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presence on the moon. you‘re claiming it will definitely be a woman as well as a man on the crew. and it seems to be the precursor to a much longer term commitment to having a pretty continuous human exploration on the surface of the moon, with the idea that it then teaches you things that you take onto a mars mission. all hugely ambitious. are you telling me that having this form of water on the moon could revolutionise the ability of that long—term plan to be put into practice? yeah, so being in a position where we can survive on the surface of the moon for longer periods of time, begin to place infrastructure there. a critical aspect to that is can you use any of the resources there? just like here on earth, if you go for a trip, it‘s a lot easier if you can stop off at a gas station or a store to pick up some resources on your trip so you don‘t have
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to pack all of it. so, with respect to going to the moon, if there‘s any way that we can use some of the resources like water, then we don‘t have to carry all that water off the surface. water‘s really heavy and it can be quite expensive to take. and it takes the place of other payloads, other science instruments, other technology that we may want to send to the moon to support that longer term presence that you referred to. so having that... let me stop you, doctor bleacher, ‘cause it seems to me that when one talks plans and ambitions, there‘s always a big gap between theory and exciting sort of notions that, you know, work in principle and actual reality. given that you‘ve told me this water isn‘t actually in a form that we are used to and that you‘d have to literally mine it to make it into water any astronaut could drink, this is not something that is going to sustain human beings in 2024,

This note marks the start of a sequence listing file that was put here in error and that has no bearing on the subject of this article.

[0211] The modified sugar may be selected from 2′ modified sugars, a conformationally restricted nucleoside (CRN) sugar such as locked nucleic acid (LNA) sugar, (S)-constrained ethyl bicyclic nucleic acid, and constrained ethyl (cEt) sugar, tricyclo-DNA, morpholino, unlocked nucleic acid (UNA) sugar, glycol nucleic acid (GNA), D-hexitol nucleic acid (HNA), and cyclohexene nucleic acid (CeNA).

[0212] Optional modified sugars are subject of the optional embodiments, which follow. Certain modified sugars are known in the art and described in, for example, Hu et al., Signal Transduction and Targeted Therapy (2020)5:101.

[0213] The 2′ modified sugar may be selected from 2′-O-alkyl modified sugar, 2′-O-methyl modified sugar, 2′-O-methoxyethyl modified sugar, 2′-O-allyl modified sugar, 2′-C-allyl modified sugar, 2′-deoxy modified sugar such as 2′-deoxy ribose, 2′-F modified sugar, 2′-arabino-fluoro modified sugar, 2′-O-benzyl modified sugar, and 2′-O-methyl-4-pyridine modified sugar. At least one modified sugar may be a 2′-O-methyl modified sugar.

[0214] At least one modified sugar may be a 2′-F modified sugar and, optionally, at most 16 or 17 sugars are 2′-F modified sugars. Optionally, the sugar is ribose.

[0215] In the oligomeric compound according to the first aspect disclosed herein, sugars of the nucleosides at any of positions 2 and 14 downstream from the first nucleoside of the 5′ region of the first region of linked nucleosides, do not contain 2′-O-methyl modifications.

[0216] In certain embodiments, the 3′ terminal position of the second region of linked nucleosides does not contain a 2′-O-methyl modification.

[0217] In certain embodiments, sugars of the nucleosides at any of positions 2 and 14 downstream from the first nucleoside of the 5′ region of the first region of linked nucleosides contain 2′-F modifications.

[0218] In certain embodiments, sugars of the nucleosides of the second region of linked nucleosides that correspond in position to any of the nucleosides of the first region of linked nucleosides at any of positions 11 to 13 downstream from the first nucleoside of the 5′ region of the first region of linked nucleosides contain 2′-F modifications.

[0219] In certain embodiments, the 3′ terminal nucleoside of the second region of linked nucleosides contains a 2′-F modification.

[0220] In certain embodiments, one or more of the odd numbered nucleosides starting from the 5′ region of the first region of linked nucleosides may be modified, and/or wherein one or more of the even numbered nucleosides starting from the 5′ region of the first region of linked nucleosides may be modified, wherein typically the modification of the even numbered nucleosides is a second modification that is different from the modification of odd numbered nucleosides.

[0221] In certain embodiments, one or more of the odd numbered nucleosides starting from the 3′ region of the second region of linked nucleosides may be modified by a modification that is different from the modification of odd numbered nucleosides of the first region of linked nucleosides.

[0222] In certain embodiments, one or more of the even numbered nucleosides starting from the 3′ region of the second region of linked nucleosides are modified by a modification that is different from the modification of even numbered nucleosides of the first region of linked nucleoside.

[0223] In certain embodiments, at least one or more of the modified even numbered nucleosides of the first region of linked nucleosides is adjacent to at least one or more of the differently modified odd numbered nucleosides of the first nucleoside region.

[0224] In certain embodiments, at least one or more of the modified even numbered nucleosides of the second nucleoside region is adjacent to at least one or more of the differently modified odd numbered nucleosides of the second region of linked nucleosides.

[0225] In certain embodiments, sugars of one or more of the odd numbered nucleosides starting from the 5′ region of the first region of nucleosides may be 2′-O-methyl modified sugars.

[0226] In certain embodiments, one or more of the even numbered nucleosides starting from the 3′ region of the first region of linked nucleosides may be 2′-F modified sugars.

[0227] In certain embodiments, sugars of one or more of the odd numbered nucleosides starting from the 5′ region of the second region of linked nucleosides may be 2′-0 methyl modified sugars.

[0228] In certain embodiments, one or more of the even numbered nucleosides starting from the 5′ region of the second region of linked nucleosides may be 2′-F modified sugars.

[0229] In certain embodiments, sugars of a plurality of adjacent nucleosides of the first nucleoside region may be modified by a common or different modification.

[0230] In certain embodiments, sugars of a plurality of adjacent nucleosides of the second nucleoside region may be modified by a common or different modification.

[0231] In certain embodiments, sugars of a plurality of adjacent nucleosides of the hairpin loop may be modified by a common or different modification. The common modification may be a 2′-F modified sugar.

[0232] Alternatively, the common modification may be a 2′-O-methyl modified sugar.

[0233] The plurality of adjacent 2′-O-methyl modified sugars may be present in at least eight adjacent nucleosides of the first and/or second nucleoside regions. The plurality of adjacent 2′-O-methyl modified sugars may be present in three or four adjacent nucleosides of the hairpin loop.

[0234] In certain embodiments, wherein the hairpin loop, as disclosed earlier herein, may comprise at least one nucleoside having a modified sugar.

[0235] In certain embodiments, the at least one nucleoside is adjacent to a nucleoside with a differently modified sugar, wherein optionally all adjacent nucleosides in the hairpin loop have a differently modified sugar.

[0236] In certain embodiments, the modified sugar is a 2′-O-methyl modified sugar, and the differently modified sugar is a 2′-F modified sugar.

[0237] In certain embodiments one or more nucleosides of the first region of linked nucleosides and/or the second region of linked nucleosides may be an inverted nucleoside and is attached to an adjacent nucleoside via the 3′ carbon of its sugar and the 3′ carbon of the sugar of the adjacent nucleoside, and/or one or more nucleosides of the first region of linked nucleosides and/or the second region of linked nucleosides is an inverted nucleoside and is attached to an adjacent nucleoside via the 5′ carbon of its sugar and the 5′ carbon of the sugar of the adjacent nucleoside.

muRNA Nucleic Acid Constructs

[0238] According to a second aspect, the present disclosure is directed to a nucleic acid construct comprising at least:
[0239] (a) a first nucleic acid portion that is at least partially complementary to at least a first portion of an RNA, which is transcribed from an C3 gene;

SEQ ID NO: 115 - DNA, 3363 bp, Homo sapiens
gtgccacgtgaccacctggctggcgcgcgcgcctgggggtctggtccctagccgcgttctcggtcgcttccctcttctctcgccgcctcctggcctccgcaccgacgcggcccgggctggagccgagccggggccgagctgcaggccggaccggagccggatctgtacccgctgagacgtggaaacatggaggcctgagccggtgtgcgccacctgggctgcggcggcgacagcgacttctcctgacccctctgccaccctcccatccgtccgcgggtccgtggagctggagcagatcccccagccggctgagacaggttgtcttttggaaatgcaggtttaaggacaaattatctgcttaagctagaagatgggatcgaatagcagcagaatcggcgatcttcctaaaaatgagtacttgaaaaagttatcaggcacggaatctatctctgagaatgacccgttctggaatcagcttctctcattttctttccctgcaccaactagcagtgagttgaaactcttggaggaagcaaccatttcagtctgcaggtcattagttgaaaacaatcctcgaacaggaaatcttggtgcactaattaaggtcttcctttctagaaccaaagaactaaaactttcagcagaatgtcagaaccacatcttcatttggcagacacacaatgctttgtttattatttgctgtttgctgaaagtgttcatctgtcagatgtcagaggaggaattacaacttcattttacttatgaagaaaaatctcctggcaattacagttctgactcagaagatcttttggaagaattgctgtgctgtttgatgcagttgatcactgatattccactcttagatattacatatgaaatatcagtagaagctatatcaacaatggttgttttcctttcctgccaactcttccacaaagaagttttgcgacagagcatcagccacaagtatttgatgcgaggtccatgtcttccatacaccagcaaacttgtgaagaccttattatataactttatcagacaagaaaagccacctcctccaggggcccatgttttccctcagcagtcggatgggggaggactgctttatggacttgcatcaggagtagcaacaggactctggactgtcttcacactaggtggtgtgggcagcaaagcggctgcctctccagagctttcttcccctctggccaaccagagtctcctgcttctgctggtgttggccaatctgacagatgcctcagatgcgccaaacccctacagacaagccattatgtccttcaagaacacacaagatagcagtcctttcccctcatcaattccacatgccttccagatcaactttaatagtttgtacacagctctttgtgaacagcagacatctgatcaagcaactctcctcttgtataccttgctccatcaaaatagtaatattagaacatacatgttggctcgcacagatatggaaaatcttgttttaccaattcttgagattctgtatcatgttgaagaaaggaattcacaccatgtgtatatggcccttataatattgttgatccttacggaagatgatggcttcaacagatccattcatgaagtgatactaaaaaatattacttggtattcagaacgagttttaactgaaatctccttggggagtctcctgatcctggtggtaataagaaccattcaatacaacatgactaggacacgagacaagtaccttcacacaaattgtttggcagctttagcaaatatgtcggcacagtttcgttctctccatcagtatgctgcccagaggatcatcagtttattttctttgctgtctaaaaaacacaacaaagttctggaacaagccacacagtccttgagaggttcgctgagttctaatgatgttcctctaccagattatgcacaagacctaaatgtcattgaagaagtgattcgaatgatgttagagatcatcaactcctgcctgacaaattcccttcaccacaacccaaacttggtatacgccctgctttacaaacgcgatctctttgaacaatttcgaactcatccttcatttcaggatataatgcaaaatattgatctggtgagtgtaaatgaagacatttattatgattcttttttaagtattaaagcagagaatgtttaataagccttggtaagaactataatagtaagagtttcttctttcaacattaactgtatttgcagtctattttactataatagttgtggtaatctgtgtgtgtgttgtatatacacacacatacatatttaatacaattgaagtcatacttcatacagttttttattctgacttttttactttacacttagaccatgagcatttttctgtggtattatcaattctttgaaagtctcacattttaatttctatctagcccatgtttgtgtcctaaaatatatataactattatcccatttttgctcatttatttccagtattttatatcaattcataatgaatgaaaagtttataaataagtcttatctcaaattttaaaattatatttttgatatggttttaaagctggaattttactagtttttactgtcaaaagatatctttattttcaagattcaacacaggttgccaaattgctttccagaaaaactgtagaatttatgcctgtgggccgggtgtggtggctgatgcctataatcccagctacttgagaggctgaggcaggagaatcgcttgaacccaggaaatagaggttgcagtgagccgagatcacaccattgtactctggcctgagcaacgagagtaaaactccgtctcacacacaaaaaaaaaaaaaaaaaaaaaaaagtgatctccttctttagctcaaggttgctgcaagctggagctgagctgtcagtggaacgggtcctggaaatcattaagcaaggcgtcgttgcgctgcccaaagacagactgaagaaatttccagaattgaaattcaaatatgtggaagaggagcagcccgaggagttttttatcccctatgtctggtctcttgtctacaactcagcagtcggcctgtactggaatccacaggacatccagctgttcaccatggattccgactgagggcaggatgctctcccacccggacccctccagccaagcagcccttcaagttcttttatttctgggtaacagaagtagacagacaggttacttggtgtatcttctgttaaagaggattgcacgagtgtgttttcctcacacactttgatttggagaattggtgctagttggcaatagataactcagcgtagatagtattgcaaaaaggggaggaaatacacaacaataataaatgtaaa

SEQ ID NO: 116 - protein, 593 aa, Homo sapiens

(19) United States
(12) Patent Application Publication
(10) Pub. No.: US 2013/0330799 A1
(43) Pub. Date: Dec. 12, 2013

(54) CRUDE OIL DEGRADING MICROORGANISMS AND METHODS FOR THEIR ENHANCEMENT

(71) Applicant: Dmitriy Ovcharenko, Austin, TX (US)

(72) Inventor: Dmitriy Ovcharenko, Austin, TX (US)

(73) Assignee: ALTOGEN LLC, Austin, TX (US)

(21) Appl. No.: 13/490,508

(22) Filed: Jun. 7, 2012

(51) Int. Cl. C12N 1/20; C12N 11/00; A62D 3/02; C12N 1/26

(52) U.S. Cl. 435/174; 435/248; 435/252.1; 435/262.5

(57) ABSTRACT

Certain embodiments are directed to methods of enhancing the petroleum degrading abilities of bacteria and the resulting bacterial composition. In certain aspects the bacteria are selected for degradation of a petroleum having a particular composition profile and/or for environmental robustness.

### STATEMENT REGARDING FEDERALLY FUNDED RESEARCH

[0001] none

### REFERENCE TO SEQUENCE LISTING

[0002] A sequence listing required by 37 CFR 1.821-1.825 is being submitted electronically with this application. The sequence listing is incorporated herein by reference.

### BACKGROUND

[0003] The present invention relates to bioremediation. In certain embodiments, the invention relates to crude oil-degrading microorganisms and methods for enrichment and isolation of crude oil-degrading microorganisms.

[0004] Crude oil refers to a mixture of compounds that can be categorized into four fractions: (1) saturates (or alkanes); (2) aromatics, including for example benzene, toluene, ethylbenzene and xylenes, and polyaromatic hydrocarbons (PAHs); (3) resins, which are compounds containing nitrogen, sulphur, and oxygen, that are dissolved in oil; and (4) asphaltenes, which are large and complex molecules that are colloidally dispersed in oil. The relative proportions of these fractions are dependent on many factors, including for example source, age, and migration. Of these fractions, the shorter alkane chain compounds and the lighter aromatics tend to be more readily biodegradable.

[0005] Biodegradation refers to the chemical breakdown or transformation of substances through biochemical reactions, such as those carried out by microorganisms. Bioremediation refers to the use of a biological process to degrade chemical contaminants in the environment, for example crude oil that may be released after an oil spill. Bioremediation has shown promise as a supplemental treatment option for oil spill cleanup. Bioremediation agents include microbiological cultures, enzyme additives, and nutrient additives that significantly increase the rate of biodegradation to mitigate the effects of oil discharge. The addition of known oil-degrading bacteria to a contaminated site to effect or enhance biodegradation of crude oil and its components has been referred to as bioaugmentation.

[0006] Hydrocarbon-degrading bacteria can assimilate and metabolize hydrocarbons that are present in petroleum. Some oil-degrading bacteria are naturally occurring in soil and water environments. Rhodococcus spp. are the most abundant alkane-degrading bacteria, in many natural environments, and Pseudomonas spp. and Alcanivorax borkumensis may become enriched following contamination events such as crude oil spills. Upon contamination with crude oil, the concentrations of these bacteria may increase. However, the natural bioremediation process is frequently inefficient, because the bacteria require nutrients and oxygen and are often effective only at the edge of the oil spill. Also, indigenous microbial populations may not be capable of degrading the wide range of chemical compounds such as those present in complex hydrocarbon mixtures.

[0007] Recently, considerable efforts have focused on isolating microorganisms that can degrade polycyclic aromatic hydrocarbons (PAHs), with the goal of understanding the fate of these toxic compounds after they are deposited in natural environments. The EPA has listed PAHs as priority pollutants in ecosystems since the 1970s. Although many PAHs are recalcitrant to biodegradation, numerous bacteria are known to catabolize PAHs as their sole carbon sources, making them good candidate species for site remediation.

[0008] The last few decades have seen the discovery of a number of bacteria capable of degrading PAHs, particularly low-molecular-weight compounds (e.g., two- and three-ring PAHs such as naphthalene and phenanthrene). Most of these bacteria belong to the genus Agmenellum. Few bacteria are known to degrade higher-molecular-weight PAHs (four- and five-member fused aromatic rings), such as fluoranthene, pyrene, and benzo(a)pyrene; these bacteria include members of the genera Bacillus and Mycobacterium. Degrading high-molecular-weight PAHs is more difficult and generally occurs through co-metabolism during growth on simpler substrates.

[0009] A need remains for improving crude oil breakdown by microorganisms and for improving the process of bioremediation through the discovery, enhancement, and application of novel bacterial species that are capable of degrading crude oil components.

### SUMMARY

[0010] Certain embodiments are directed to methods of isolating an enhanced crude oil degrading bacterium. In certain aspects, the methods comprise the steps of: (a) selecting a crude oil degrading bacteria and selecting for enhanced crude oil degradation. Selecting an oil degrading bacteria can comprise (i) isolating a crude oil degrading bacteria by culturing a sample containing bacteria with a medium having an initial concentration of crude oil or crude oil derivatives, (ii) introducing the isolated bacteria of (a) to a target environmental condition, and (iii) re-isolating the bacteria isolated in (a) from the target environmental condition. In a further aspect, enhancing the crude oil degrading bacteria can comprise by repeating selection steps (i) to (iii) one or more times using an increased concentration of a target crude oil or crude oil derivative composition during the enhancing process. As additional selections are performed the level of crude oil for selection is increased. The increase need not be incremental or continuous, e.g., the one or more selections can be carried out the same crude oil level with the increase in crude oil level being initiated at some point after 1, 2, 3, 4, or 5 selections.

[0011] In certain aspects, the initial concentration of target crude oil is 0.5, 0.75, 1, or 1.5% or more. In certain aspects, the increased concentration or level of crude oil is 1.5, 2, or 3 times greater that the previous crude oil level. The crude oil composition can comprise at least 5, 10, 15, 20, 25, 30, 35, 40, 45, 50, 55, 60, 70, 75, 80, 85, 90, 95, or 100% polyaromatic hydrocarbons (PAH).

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or even probably 201m. so, when one gets to the reality of a us plan for the moon, then mars, this seems to me pretty much irrelevant. well, you know, relevance comes in several different aspects to this too, right? there‘s using it as a resource, which i‘m talking about from a human exploration perspective. there‘s also using it as a science source. the water on the moon is relevant to us from a science perspective because we don‘t know exactly where all that water comes from. could be implanted by the solar wind. it could be the result of many, many impacts from micrometeorites through comets throughout the history of the moon. and so that water could tell us information, reveal secrets about the evolution of the moon, the earth itself and the solar system in general. so there‘s a science value that‘s really important not to get lost in this. just a final thought on this artemis project. do you want human beings to live on the moon in established communities beginning, you know, as early as the mid—2020s
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and moving forward? is that your plan in the united states? so, our goal is to initially take the first steps, which is being on the surface of the moon, successfully landing, beginning to learn how to operate in the south polar region so that we can access some of those resources that we may use in the future. that will lay the groundwork for being able to develop collaborative ambitions with commercial vendors, commercial partners, international partners. this is not solely a nasa endeavour. this is something where we hope to lay the groundwork over the next handful of years as a stepping stone to increasing capabilities, increasing our science activities, increasing our time on the surface into a more sustainable presence. that‘s going to depend on partnerships.
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so the true vision in the long run really depends on what our partners bring to the table as well, and will evolve according to what we find and discover on the surface of the moon, as we‘re preparing to learn how to survive in deep space. because going to mars as a goal down the road, that‘s a long trip. and so we really have to learn how to survive in deep space. and the moon and the orbit of the moon, orbits around the moon, are a great place to learn that when you can still get back to the earth fairly quickly. in the sort of vision you have, artemis, nasa is expecting the us government to stump up well over $20 billion by 2024 to get you guys back onto the moon. all the indications are congress is going to have a big problem with that. i think you‘re looking for more than three billion for the initial investment in some of the spacecraft. and you‘re struggling to get that. covid makes public finances even more complicated. isn‘t the truth that,